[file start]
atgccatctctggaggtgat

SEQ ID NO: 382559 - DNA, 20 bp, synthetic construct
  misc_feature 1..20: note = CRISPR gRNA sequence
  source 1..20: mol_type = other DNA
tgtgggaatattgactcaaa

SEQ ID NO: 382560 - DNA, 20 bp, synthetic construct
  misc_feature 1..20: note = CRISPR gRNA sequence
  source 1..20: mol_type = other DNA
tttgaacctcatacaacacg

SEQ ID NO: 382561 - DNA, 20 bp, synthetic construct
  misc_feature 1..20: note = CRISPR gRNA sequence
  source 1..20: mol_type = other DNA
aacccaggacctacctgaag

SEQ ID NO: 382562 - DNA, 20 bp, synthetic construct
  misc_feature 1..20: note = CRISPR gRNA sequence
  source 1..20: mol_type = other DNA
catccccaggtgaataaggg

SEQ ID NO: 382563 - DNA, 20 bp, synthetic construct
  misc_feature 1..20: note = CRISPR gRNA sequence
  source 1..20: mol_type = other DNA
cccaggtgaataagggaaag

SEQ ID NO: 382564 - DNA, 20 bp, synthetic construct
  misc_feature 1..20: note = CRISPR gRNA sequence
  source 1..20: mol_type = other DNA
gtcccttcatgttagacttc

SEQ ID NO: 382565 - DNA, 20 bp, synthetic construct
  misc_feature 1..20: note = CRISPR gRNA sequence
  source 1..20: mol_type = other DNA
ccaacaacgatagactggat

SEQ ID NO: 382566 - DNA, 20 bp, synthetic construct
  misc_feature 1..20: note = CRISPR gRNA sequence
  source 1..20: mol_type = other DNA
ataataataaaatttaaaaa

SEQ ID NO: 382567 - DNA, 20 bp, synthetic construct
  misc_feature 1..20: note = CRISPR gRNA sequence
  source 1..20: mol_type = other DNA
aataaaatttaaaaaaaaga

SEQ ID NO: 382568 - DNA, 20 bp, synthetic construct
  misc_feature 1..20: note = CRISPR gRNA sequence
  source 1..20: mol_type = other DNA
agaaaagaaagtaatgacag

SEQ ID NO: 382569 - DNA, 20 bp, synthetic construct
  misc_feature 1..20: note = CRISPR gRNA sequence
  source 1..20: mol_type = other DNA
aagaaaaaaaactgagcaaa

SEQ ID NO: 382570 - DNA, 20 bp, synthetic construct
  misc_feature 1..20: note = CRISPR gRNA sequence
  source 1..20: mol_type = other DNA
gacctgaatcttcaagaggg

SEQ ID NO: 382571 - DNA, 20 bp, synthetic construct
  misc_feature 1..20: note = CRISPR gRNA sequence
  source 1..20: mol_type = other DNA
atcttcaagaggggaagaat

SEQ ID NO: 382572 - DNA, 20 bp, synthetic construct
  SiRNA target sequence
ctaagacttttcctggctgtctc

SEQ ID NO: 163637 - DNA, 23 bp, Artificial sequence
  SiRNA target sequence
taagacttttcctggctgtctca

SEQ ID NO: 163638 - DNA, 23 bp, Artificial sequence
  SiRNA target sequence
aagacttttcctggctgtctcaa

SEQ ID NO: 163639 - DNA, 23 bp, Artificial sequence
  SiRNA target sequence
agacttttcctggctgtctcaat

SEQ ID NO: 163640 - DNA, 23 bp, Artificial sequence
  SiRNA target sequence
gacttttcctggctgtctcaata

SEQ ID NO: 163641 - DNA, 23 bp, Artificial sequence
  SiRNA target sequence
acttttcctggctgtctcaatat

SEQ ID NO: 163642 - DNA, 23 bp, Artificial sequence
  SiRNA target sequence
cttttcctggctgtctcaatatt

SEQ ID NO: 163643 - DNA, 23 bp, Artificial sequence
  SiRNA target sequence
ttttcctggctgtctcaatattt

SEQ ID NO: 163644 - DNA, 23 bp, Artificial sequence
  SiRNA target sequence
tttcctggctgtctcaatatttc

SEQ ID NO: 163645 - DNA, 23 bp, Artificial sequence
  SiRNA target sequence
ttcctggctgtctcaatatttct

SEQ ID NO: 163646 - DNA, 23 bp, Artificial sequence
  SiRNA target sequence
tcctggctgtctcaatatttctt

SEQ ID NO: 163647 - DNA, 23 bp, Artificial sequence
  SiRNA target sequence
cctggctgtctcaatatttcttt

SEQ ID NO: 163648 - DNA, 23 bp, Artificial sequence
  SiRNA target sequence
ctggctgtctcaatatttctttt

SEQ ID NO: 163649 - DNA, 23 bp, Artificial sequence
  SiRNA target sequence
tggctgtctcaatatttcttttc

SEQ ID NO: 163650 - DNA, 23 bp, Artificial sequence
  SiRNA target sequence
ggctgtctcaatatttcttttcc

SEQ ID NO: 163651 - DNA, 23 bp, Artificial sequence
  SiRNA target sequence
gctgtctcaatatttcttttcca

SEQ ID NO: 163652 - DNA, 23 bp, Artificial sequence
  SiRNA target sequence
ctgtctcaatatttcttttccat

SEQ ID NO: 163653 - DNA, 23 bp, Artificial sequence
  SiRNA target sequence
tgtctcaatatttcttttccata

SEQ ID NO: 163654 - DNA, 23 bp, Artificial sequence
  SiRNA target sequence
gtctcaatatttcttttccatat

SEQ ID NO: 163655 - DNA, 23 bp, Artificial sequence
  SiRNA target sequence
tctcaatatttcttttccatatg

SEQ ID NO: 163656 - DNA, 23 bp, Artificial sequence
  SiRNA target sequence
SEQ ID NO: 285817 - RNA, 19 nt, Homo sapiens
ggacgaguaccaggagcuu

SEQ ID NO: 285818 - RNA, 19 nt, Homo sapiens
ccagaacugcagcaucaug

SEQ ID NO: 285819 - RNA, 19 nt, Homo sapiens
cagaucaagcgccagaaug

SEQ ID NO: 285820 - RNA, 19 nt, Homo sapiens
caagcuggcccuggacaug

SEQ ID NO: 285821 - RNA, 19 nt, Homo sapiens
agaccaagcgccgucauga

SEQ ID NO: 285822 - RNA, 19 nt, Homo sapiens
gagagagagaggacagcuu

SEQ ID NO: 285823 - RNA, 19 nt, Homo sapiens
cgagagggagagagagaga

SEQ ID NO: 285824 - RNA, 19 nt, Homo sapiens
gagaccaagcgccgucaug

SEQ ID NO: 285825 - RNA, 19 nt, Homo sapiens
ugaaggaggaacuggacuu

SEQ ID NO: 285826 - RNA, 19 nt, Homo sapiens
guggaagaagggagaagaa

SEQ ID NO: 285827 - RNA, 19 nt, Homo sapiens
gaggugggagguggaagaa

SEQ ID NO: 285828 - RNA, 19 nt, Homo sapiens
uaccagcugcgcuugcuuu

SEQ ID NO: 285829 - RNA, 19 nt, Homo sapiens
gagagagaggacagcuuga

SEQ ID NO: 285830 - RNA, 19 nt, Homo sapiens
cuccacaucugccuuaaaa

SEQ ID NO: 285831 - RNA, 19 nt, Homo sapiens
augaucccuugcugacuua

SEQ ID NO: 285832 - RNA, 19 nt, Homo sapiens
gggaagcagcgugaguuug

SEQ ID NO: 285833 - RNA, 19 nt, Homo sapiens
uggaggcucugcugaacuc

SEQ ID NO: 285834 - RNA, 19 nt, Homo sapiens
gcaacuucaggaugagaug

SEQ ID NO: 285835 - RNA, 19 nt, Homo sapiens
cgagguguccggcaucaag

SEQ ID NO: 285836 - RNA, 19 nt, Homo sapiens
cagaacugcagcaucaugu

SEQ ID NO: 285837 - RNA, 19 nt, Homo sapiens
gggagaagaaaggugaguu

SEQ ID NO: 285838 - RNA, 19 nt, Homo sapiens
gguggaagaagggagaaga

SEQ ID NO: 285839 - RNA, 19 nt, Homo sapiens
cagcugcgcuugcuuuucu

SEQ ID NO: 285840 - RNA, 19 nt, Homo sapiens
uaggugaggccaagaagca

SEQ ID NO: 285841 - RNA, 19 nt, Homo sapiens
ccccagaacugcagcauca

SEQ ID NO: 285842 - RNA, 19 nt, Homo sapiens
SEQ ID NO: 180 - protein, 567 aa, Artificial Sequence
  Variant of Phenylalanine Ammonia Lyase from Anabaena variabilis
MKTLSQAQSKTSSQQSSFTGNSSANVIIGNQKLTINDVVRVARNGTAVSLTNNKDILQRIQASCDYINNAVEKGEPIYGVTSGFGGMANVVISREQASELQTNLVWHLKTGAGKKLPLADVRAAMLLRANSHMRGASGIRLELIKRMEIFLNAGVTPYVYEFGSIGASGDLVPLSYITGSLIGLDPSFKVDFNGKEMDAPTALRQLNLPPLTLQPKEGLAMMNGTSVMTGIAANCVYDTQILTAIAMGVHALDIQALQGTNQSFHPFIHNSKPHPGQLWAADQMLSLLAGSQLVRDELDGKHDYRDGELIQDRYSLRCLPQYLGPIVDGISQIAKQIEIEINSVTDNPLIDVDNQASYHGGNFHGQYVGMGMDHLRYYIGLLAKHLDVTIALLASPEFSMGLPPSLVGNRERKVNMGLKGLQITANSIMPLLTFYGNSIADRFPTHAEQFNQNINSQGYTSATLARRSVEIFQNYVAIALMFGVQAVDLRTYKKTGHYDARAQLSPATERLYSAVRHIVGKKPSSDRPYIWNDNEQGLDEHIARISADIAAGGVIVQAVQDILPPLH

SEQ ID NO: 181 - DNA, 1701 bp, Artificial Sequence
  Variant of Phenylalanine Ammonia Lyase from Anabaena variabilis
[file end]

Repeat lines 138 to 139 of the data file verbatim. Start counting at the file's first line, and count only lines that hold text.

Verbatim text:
SEQ ID NO: 285828 - RNA, 19 nt, Homo sapiens
uaccagcugcgcuugcuuu